Law amendment to protect farmers' land rights
Updated: 2012-01-02 11:56
BEIJING - A new amendment to China's Land Management Law is being drafted to better protect farmers' interests in land expropriations, according to a report from the top legislature's environment and resources panel.
It is urgent to reform and standardize land expropriation practices and transfers of land-use rights over collectively-owned land (in rural areas), as the current version of the law has been proven to be outdated, the report said.
The report was submitted by the Environmental Protection and Resources Conservation Committee of the National People's Congress (NPC), China's top legislature, to the NPC's Standing Committee on Saturday.
The report came just days after Premier Wen Jiabao's speech at the annual central conference on rural work that opened Tuesday.
Farmers enjoy the legal rights of land contracts, land use and collective income distribution as basic protections, Wen said, adding that "no one is empowered to deprive them of these rights."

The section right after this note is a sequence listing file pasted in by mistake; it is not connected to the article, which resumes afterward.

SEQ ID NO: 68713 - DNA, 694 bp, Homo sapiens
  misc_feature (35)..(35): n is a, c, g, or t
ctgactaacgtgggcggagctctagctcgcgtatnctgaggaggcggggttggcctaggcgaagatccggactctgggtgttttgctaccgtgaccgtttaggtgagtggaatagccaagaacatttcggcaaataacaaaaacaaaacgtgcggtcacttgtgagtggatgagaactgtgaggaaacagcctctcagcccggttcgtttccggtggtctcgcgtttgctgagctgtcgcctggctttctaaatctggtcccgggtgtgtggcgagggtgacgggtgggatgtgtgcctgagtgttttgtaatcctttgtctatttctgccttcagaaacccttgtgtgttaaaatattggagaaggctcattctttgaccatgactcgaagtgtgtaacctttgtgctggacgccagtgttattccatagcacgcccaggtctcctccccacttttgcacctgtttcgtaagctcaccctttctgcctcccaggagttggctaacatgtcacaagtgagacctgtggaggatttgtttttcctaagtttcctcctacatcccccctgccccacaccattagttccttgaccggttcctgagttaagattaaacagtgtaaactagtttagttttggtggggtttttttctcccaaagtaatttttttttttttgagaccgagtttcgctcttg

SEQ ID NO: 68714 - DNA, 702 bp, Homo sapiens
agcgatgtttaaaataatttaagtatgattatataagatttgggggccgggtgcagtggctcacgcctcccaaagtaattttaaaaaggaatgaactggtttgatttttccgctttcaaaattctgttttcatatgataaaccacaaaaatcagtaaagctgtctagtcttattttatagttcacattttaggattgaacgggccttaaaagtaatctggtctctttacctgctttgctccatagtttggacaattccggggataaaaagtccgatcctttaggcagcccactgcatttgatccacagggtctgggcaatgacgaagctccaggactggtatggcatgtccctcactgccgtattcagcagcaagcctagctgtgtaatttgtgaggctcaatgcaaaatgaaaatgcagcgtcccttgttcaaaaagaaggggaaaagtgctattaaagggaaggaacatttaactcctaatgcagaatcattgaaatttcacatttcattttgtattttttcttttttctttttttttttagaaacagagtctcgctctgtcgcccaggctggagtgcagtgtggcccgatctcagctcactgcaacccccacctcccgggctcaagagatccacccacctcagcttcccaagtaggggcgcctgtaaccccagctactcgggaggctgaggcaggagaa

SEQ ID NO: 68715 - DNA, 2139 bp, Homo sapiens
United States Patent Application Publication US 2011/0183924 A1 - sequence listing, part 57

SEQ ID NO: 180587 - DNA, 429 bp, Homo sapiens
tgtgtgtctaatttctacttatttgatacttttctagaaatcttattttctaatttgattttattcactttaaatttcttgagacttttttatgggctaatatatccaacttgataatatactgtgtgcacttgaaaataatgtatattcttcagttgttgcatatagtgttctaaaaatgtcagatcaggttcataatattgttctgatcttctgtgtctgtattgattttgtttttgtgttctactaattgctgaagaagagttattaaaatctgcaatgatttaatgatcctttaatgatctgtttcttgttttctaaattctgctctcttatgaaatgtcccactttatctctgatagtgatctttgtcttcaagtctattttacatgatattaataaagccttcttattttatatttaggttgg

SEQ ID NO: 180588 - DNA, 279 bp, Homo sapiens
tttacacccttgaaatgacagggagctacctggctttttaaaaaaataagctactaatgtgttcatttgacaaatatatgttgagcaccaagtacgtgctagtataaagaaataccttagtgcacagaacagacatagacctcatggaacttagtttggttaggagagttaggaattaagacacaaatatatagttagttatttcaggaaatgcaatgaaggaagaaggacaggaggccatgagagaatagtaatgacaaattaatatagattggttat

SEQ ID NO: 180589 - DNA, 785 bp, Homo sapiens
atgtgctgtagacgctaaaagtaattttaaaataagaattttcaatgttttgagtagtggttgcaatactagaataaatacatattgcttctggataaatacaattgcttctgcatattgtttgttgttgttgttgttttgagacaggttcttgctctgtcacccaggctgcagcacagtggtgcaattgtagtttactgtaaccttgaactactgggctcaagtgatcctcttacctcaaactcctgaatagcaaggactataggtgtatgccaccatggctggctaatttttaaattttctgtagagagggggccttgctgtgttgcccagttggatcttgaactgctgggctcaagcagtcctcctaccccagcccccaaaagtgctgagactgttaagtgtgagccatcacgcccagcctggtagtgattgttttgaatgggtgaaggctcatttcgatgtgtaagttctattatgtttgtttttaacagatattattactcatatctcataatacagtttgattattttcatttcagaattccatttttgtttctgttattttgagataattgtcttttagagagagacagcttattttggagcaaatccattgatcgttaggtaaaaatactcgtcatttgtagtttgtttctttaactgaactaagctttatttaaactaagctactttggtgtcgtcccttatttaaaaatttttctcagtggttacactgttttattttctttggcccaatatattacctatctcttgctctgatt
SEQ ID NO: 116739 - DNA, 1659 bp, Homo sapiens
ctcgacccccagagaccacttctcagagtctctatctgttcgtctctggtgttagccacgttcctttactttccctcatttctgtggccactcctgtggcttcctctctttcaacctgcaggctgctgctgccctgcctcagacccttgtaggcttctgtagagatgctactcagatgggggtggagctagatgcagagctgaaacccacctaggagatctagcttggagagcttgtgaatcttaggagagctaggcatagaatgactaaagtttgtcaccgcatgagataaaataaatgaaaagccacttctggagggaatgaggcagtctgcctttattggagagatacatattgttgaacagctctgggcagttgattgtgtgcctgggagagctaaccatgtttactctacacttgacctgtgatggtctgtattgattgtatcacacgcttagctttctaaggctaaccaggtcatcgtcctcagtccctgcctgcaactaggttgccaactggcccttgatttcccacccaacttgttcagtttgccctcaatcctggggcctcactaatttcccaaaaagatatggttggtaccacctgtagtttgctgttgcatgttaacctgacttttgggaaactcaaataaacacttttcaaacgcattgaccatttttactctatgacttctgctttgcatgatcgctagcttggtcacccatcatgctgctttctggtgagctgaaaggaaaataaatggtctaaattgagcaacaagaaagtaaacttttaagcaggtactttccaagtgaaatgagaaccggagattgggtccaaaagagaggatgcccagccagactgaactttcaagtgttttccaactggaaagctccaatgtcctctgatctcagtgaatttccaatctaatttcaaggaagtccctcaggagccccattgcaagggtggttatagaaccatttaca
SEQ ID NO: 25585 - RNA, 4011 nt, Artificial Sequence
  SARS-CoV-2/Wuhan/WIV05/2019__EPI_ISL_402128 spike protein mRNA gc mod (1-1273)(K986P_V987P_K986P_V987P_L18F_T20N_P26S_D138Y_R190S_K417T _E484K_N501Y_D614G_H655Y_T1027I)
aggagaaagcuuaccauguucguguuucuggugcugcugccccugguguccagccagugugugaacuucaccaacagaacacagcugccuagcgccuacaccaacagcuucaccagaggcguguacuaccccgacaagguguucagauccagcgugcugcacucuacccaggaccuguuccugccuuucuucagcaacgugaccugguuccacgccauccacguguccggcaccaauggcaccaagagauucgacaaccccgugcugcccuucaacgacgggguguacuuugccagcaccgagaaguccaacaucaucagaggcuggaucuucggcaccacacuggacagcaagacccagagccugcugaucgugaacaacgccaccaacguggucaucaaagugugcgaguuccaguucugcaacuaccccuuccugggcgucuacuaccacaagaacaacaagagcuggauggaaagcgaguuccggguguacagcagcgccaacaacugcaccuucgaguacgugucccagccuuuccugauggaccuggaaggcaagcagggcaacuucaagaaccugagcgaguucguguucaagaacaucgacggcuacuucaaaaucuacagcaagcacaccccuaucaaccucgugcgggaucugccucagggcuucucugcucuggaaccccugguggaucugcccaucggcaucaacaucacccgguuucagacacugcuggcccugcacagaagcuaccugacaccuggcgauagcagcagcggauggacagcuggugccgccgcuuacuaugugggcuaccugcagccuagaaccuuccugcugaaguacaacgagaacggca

Wen also noted that the key to reforms in expropriating collectively-owned land lies in safeguarding farmers' gains from land value increment revenue, and China can "no longer sacrifice its farmers' land property rights to reduce the costs of urbanization and industrialization."
Under China's existing land ownership structure, rural collectives own the land. The collective, often a village committee, distributes land-use rights to households in 30-year "household management" contracts.
Though more and more farmers have benefited from transferring, leasing, or mortgaging land-use rights since 2008, infringements of these rights, illegal land grabs and other regulatory issues have spurred mass protests in recent years.
China's current Land Management Law was first adopted in 1986, and has been modified twice, in 1998 and 2004, respectively.
The report said that the drafting of the new amendment began in April 2011, but it did not reveal an expected deadline for the draft to be completed.